The Basics of Mahjong Play

Mahjong is a very simple game to learn to play but difficult to master. Perhaps that is what makes the game appealing to a worldwide audience. It takes skill and strategy to assemble a winning hand while at the same time guess what your opponents hold and impede their progress to win at the same time.

What exactly constitutes a winning hand?

In the most common version of the mahjong game, a mahjong set of 144 tiles is used to play. Thirteen tiles are distributed to four players sitting in the position of east, south, west and north. Each player then takes turns drawing from what is leftover from the 144 tiles. A winning hand is made up of 4 melds of three tiles and a pair of tiles for “eyes”. This means that the winning hand is composed of fourteen tiles.

What is a meld?

The mahjong set is composed of 3 suits along with honor tiles and flower tiles. The three suits are dots, bamboos and characters. Each suit consists of a sequence of tiles numbered 1-9. Each number also exists in quadruplets. To make a meld, you need to have three tiles in a sequence of the same suit, or make three of a kind in the same suit.

For the honor tiles, they a broken down between the wind tiles and also the dragon tiles. The wind tiles are east, south, west and north. The dragon tiles are green, red and white. Each of these tiles is also in quadruplets but unlike the suits, you cannot make a meld of them in a sequence.

The flower tiles are used for bonus points but cannot be used to make a melds. If these tiles are drawn, the player puts the tiles in front of him. This serves as a reminder of the extra potential points he accrued should he win the hand and he redraws new tiles.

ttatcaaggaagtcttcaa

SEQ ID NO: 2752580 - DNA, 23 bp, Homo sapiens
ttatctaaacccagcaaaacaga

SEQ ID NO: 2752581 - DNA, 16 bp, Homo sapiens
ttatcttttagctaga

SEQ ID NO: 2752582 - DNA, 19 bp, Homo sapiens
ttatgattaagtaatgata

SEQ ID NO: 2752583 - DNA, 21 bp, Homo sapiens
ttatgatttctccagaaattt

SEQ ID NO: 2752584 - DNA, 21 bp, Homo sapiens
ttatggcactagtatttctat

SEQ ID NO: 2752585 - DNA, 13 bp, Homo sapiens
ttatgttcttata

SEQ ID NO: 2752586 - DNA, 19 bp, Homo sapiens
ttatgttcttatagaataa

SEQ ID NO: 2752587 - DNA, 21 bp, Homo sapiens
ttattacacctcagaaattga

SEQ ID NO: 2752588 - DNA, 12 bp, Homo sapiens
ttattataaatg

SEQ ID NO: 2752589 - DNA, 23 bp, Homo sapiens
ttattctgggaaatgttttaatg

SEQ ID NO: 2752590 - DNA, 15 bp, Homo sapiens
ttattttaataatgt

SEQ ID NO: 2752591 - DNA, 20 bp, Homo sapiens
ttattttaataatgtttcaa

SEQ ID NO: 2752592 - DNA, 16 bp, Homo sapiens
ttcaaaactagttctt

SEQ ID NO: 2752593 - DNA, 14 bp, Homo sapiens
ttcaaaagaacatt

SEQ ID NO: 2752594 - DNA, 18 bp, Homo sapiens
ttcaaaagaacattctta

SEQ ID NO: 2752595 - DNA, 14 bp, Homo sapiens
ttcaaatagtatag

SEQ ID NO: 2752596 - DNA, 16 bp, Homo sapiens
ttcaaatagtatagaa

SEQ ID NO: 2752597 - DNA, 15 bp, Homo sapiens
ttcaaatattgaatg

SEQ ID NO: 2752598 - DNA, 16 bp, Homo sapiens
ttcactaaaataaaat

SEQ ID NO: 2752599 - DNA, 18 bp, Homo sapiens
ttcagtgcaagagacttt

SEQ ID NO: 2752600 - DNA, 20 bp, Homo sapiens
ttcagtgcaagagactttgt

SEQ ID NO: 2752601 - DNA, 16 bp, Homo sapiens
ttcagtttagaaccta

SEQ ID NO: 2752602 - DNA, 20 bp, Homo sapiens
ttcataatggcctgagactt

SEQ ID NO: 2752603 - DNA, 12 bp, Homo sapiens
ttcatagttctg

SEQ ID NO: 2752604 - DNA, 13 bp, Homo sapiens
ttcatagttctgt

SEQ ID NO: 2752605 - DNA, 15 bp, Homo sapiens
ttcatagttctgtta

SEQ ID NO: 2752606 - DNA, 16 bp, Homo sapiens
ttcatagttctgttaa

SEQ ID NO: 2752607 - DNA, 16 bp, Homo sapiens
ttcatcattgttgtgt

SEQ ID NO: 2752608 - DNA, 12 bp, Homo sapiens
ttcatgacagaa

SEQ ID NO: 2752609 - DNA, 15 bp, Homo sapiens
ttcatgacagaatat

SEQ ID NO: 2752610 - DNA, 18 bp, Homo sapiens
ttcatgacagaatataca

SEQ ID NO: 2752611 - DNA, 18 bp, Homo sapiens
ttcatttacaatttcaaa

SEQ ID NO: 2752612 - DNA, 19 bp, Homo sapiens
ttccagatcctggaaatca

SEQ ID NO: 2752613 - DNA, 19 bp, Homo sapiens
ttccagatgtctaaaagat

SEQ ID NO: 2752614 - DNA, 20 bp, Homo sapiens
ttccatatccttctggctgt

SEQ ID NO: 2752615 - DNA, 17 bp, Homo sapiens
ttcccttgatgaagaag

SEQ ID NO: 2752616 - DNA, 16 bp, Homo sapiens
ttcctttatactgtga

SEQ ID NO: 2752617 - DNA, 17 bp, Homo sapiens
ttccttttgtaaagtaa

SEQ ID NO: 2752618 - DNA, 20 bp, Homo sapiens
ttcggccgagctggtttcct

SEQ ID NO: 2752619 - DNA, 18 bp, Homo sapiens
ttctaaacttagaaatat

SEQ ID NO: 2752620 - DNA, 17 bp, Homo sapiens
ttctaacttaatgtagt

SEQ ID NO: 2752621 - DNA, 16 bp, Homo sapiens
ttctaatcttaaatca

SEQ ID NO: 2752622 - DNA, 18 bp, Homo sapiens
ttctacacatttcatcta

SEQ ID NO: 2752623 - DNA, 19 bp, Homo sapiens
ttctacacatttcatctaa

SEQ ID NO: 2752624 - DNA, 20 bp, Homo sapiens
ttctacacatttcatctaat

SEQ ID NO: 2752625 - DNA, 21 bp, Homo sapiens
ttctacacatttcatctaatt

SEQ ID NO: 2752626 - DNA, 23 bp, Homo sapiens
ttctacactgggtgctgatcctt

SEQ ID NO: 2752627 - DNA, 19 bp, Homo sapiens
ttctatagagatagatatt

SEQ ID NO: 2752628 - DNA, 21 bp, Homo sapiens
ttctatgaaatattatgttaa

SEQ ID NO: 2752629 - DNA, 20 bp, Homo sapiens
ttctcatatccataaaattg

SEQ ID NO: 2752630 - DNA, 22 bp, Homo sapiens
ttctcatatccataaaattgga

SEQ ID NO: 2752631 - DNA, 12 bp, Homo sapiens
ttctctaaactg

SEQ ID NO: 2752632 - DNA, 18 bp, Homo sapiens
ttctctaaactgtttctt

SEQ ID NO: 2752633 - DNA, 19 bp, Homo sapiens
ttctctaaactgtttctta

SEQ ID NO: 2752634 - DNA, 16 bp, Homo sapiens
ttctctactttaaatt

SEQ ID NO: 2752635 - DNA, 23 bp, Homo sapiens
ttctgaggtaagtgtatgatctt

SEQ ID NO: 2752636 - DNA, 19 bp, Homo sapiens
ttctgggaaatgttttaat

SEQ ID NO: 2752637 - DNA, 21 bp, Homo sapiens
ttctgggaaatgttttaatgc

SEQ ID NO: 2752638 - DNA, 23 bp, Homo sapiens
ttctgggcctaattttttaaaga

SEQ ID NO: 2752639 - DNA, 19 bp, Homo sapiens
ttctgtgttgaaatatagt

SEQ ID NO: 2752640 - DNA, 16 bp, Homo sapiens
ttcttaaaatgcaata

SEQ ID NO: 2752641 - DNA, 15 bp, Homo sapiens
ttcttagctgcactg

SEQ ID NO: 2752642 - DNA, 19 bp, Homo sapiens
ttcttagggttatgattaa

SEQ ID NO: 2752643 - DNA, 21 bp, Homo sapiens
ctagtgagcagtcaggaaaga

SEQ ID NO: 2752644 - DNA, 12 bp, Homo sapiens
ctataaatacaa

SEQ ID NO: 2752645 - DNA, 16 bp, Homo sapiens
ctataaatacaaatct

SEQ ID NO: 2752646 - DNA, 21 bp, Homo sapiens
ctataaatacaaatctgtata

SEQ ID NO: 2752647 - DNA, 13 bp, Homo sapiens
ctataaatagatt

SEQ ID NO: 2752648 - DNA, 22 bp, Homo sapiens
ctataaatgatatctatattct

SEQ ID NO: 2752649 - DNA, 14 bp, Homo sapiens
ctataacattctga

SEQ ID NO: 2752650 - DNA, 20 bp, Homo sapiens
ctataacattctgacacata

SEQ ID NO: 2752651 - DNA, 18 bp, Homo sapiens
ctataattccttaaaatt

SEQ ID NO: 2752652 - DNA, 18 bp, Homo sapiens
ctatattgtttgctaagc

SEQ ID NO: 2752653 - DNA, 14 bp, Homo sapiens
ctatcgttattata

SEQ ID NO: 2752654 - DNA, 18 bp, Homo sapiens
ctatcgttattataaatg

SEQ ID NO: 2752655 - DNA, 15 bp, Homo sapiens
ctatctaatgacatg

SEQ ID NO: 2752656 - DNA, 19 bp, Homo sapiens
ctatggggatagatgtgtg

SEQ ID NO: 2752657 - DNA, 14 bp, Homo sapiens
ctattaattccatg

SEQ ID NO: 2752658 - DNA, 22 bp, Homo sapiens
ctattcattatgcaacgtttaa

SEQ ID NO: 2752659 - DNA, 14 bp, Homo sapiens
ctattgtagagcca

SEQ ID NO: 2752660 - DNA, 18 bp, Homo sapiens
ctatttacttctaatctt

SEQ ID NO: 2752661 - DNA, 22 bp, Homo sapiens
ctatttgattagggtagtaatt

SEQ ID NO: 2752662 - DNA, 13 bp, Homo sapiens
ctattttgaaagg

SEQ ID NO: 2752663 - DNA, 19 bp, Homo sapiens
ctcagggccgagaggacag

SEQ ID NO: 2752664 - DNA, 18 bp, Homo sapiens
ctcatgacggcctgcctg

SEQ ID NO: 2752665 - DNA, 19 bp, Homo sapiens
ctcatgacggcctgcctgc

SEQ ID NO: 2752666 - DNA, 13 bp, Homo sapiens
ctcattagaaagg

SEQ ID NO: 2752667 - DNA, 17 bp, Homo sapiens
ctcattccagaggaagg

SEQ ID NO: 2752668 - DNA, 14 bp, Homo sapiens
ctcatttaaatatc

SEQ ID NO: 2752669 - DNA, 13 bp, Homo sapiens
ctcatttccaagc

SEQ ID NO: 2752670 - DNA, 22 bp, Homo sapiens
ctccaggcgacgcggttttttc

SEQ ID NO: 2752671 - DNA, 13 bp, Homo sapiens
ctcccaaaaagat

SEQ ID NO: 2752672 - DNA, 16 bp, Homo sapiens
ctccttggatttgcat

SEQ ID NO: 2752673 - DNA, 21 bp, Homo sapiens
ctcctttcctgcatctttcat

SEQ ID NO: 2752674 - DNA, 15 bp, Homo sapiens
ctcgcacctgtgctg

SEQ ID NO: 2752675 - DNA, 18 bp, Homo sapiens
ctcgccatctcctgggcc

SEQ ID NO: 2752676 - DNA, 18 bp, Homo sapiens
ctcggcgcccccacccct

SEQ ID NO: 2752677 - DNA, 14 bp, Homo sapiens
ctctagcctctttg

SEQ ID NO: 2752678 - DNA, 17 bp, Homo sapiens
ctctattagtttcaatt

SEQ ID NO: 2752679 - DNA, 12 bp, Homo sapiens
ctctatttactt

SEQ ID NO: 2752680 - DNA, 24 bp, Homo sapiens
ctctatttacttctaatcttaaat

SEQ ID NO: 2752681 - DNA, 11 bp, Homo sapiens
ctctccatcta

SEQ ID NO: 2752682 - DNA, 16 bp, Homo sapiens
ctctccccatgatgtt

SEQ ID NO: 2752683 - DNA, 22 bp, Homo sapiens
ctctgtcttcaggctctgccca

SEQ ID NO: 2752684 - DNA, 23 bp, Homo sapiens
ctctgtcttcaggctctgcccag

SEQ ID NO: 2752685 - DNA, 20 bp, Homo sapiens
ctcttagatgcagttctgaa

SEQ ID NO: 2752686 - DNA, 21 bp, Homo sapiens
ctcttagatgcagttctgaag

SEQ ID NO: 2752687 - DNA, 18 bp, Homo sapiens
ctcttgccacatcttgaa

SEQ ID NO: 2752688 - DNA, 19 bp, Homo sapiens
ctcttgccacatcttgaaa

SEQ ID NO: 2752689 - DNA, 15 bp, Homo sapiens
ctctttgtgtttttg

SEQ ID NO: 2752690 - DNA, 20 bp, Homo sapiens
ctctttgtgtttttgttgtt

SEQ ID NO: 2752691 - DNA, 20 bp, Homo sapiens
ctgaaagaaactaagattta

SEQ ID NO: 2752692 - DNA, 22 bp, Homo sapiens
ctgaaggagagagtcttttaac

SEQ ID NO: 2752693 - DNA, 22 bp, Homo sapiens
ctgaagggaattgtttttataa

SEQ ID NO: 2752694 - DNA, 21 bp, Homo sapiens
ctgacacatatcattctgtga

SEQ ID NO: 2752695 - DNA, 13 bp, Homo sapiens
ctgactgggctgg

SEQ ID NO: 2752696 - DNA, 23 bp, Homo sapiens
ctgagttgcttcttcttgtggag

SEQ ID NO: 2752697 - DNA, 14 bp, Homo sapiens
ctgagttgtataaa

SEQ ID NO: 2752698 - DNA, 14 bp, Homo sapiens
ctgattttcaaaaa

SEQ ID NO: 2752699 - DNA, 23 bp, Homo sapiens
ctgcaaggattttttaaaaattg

How do you play the game?

Now that there’s a basic understanding of what constitutes a winning hand: 4 melds of 3 tiles and a pair of the same tiles for a total of fourteen, it’s time to describe the sequence of play.

The game officially starts with the player sitting in the eastern spot. He starts off as the dealer with the privilege to be passed to each player accordingly unless the dealer actually wins the hand. If he does, he gets to be the dealer again.

The dealer draws first for a new tile from the “wall” leftover tiles stacked two tiles high in front of each player. He can choose to keep or discard the tile but always keeping in mind that he needs to have thirteen tiles in his hand. Or if he achieves a winning hand of fourteen he can declare it immediately and lay his hand out for all to see.

In the meantime, when a card is discarded, it is placed face up on the table. Any other players can “pung”, which is a declaration of three of a kind, and pick that tile up. In doing so, he needs to lay out his three of a kind before him. He also needs to discard a tile since he acquired an extra tile for his pung or else he risks his hand having one tile too many.

A pung is one way of advancing a hand for the required four melds with the external help of your opponents. Another way to do it is with a “chow”. A chow is a sequence of three tiles in the same suit. You can only make a chow with the discarded tile of someone to your left. Again, you need to place the chow before you and replace the tile you’re taking with one from your own hand.

The play always continues to the right of the person who last discarded the tile, whether it came from a pung, chow, or draw.

With the help from your opponents or your luck of the draw, a winning hand is constructed. The winning tile can come from anybody to finalize the 4 melds of three and the pair for eyes to total fourteen tiles.

As you can see, the concept of mahjong is simple enough but to be a good player, you need to be aware of your tiles, as well as how others are constructing their winning hands. What better way to learn this fascinating game than to start playing!

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